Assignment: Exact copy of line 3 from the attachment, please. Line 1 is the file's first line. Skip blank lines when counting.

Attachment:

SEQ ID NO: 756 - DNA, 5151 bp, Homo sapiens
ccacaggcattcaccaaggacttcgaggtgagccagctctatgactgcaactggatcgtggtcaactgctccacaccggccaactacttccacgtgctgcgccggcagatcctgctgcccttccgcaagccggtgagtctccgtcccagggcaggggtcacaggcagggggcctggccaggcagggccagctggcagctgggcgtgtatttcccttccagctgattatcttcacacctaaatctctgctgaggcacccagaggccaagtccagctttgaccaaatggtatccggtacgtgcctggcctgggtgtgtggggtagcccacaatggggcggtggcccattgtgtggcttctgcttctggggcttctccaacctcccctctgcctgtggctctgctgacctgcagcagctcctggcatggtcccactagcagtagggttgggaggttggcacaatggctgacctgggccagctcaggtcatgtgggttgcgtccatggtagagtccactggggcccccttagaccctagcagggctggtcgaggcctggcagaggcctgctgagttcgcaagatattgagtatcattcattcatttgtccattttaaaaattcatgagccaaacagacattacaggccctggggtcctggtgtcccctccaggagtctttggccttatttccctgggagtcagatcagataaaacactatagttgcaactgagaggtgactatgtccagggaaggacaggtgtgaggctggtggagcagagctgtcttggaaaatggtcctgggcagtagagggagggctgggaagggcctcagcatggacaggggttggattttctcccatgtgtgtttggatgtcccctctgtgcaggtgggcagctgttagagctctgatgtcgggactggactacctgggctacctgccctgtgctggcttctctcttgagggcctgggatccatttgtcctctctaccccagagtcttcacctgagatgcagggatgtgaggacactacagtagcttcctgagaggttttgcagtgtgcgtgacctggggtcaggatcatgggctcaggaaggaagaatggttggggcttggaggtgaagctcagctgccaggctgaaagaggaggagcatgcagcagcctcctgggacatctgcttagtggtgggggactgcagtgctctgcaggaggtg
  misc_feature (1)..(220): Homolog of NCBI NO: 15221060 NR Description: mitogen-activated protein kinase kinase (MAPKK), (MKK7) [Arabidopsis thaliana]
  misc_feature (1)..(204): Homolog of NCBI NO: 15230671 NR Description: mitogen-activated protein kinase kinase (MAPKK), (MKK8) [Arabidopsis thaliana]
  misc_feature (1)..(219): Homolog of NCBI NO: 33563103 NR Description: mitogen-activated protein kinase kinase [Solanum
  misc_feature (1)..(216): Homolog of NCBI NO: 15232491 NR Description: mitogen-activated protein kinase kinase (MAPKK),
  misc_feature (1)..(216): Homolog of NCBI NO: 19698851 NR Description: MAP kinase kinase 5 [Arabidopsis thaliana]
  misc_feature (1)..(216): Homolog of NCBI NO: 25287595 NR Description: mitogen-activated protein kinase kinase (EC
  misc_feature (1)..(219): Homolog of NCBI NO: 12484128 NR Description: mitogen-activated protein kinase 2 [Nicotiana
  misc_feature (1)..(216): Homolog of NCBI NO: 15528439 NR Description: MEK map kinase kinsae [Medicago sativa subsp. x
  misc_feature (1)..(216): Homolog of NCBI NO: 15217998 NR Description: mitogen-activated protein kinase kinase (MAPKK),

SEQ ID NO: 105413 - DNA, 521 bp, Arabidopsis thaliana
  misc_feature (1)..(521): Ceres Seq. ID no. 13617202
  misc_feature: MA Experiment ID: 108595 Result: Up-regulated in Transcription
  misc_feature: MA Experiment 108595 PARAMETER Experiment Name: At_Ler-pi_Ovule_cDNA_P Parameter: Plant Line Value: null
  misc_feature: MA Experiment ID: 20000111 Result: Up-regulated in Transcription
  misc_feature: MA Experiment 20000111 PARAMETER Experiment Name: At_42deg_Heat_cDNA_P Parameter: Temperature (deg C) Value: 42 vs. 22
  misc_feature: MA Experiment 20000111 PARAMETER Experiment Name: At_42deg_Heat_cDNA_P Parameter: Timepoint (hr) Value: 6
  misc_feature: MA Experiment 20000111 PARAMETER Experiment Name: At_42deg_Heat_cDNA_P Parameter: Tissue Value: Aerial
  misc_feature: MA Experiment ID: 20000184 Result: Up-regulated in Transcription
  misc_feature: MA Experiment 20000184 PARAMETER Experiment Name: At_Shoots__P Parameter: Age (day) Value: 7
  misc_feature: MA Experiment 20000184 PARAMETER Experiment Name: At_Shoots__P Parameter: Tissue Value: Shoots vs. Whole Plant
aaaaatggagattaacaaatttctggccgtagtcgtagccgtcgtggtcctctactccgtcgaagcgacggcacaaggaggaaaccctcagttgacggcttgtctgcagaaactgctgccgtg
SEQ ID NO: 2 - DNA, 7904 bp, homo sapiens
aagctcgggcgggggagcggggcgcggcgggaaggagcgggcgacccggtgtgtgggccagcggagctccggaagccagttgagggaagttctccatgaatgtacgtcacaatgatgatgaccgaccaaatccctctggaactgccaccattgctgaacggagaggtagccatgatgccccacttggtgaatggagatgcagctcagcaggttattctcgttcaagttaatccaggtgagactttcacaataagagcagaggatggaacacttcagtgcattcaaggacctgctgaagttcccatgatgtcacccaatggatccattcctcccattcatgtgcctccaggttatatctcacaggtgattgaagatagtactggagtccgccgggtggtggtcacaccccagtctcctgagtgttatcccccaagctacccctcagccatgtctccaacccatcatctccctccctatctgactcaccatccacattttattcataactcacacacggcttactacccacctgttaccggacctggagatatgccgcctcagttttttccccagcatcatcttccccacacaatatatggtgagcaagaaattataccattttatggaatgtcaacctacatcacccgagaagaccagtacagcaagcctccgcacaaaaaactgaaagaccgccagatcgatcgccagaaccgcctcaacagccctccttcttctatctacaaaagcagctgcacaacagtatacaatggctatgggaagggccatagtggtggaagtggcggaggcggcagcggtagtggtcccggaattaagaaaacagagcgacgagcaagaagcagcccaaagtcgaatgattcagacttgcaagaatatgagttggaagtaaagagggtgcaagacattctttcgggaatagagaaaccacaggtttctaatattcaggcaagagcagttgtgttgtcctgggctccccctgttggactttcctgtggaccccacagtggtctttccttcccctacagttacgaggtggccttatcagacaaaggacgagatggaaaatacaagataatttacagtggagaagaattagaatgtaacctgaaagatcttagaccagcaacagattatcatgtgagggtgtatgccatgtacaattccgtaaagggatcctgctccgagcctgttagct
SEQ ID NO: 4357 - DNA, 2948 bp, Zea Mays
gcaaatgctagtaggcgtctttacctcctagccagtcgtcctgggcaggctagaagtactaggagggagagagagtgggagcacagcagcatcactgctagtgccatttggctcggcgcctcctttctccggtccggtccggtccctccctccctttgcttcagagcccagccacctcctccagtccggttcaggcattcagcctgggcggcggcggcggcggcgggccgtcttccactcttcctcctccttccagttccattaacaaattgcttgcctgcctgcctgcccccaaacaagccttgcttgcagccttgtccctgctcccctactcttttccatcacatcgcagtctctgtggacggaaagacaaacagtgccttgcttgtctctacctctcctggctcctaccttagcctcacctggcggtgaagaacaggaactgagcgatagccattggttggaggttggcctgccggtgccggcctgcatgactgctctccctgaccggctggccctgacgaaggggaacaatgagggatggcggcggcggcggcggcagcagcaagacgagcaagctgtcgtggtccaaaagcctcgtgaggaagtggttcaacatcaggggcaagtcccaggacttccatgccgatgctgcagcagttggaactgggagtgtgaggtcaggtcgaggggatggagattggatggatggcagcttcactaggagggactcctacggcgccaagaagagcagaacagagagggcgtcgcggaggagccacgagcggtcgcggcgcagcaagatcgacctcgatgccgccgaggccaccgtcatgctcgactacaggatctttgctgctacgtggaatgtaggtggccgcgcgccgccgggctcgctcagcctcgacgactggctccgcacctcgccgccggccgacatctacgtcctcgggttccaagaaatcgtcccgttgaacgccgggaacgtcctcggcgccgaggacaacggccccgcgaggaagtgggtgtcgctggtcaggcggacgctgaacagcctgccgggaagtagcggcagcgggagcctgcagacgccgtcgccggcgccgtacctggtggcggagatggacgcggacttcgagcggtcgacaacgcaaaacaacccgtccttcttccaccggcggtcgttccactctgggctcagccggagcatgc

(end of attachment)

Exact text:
  misc_feature (1)..(220): Homolog of NCBI NO: 15221060 NR Description: mitogen-activated protein kinase kinase (MAPKK), (MKK7) [Arabidopsis thaliana]